Now my question is: if the most efficient way during a crisis is to ask a colleague for a review and provide suggestions, why is it not that efficient to do when there is no crisis and while the code is being written? In essence, pair programming follows the same principles as what happens during this crisis.
My second point on this “pair programming is inefficient” argument is that ASIC/FPGA development is similar to software in that we spend a LOT more time supporting a line of code than we actually spend writing it. That is, we spend more time analyzing, designing, documenting, reviewing, refactoring and, most importantly, debugging a piece of code than we do actually writing it. Having two people working on the same original code at the same time is simply not going to impact our productivity negatively. In fact, I’d argue, and there is anecdotal and empirical evidence to support me, that pair programming actually reduces our time to complete a piece of code [Williams] [See Wikipedia entry “Pair Programming”, section Scientific Studies”]. As with asking a buddy to help during a crisis is more efficient, asking them to help when there is no crisis is just as efficient.
However, for full disclosure there are dissenting views and studies on Pair Programming. The one I found interesting was a meta-study of all the other studies [Hannay]) that indicates there is only minimum effect on quality, and it takes longer, and requires more effort. These studies (with links below) are an easy, excellent read and I encourage you to review them so that you can make up your own mind on whether pair programming is worth a shot for you and your team.
Potential Pair Programming Problems
While I believe that pair programming has worth in many, if not all development chores, I realize that it won’t work in every situation. However, the reasons pair programming may not work are not due to the technique, but rather the people-related issues. The experiences and attitude that come with pair programming will affect both the value that is put into the effort, and the results and impressions that come out of it. Chiefly, this comes down to ego and personalities. People do get invested in the designs that they create — that’s a good thing. But for some folks, there is a limit on whether they can accept ideas from others around that design — that’s not a good thing. Or that the task is so straightforward or of medium complexity that it is really is a “waste” of time to have two people do the same job. My only counter-point is that all code has to work for the system to be reliable, tiny errors accumulate to reduce the overall quality. Similar to code reviews (but pair programming provides a much more active role for everyone), pair programming helps ensure that every line of code is of the highest quality possible.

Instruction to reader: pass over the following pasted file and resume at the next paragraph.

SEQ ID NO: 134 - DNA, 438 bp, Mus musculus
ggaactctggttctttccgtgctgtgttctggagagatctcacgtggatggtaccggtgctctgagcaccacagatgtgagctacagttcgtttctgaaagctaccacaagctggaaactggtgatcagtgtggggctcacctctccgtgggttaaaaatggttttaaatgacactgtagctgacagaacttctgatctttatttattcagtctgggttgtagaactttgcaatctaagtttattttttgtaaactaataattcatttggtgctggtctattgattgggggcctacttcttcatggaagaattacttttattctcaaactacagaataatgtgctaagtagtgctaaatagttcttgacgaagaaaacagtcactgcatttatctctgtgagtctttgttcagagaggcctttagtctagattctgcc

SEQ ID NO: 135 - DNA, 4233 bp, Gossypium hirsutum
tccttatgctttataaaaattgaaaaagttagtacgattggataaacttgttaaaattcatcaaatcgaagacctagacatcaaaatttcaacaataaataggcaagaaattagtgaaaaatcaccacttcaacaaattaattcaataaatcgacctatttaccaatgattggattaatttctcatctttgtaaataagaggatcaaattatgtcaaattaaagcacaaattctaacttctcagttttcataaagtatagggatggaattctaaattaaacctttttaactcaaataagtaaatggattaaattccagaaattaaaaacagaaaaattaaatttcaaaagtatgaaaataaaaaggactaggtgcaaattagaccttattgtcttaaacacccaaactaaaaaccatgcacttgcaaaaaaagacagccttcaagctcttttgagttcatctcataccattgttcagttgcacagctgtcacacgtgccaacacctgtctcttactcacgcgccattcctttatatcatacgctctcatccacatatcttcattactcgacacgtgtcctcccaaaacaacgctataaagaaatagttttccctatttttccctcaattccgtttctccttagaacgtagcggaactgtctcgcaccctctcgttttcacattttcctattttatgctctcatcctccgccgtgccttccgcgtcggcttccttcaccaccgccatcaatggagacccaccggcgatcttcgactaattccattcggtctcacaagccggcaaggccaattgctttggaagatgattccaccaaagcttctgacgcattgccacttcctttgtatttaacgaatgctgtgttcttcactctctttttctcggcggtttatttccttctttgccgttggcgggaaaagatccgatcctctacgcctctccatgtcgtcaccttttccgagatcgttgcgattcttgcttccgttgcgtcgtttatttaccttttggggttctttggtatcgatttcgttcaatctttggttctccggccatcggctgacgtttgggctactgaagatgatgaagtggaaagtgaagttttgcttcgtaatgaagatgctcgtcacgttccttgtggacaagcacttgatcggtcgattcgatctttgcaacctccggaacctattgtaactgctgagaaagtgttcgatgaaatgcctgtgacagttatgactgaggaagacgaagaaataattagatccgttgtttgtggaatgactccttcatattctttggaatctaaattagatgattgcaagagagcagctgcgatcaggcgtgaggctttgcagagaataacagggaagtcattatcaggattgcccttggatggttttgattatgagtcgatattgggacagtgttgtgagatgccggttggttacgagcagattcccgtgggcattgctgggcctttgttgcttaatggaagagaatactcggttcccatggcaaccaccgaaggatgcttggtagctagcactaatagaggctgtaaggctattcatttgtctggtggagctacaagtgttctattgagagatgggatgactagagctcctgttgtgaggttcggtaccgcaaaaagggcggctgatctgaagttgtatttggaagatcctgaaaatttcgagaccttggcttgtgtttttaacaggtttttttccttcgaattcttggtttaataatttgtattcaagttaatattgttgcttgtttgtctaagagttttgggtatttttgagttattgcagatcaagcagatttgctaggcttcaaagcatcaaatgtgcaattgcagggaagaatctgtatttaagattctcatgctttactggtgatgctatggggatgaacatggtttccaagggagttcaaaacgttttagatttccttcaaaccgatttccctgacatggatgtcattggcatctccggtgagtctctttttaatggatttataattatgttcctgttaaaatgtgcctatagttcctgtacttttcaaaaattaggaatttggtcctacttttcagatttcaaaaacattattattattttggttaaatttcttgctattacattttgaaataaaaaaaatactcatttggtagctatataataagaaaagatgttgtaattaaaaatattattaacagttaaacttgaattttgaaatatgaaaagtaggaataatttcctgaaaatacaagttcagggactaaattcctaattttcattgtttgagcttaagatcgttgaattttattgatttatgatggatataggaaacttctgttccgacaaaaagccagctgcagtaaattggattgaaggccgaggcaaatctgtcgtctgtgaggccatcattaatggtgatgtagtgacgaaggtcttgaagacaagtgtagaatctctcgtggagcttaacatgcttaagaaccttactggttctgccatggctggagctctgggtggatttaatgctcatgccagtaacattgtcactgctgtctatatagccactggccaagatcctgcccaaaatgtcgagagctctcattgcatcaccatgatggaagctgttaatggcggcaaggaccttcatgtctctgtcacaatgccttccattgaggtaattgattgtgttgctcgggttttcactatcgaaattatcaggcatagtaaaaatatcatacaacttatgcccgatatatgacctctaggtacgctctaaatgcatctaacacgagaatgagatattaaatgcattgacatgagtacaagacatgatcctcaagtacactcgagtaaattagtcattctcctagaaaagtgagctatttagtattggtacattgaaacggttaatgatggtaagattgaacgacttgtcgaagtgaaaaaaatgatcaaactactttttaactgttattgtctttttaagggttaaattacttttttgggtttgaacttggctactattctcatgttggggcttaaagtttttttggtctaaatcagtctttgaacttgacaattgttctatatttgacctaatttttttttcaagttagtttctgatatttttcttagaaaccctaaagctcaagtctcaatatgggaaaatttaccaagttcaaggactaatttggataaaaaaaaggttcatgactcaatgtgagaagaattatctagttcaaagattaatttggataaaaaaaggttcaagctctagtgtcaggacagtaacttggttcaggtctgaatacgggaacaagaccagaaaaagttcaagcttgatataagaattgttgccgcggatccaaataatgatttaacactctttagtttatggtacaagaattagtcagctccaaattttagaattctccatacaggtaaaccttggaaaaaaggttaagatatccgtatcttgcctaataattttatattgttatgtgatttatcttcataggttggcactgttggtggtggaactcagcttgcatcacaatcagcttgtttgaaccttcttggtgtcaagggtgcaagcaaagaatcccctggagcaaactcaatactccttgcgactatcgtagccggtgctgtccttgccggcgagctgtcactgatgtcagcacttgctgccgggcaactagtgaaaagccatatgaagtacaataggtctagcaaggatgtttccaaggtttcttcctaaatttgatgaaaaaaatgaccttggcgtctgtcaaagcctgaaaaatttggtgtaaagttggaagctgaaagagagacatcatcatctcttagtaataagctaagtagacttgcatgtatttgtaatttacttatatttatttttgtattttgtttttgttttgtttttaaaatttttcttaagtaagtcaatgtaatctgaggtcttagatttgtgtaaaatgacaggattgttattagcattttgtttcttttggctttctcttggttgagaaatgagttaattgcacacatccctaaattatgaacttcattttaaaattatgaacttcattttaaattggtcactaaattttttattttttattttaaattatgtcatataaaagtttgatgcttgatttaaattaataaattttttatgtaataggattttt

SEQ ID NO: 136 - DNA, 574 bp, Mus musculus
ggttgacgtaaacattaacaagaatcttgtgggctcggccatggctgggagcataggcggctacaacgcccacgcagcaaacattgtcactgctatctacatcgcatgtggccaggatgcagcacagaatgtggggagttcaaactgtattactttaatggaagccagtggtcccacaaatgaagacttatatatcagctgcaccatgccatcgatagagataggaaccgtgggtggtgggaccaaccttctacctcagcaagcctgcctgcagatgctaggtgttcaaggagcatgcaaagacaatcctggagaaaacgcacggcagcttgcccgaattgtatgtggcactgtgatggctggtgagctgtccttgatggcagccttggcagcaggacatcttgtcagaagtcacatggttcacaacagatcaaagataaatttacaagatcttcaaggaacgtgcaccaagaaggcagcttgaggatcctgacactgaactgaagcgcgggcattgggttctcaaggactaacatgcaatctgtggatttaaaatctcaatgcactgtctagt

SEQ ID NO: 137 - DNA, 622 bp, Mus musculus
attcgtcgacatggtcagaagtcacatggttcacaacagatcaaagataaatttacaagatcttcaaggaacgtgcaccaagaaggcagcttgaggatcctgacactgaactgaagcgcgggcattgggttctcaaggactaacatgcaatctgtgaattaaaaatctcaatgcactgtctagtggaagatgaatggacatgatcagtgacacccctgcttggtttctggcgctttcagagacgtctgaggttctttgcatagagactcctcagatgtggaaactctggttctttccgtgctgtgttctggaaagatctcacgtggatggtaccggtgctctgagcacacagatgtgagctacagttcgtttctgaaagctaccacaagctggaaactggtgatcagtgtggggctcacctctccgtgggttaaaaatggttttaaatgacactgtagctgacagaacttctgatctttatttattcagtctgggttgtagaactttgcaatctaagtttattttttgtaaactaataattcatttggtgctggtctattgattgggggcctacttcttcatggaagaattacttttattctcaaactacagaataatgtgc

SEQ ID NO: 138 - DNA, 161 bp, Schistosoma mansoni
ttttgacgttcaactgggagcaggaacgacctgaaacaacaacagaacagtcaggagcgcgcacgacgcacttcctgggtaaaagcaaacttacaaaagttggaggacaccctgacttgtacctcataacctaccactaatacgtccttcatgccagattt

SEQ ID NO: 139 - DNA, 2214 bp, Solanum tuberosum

In terms of experiences that each partner brings to the effort, there are three very coarse combinations of “skills” partners:
Please note, the use of the word novice is not intended to mean someone fresh out of school, it could mean someone who is new to your company that needs to learn the ropes.
I’ll review those one at a time and discuss where value can be extracted from each of these combinations:
- novice-advanced: If the goal is to mentor the novice, then pair programming would be an excellent way to help with the mentoring. It would allow the novice to ramp up quickly and ask questions; allow the advanced user to explain historical, significant reasons for getting to where they are, as well as offer the novice an opportunity to ask questions and offer suggestions on how it could be improved.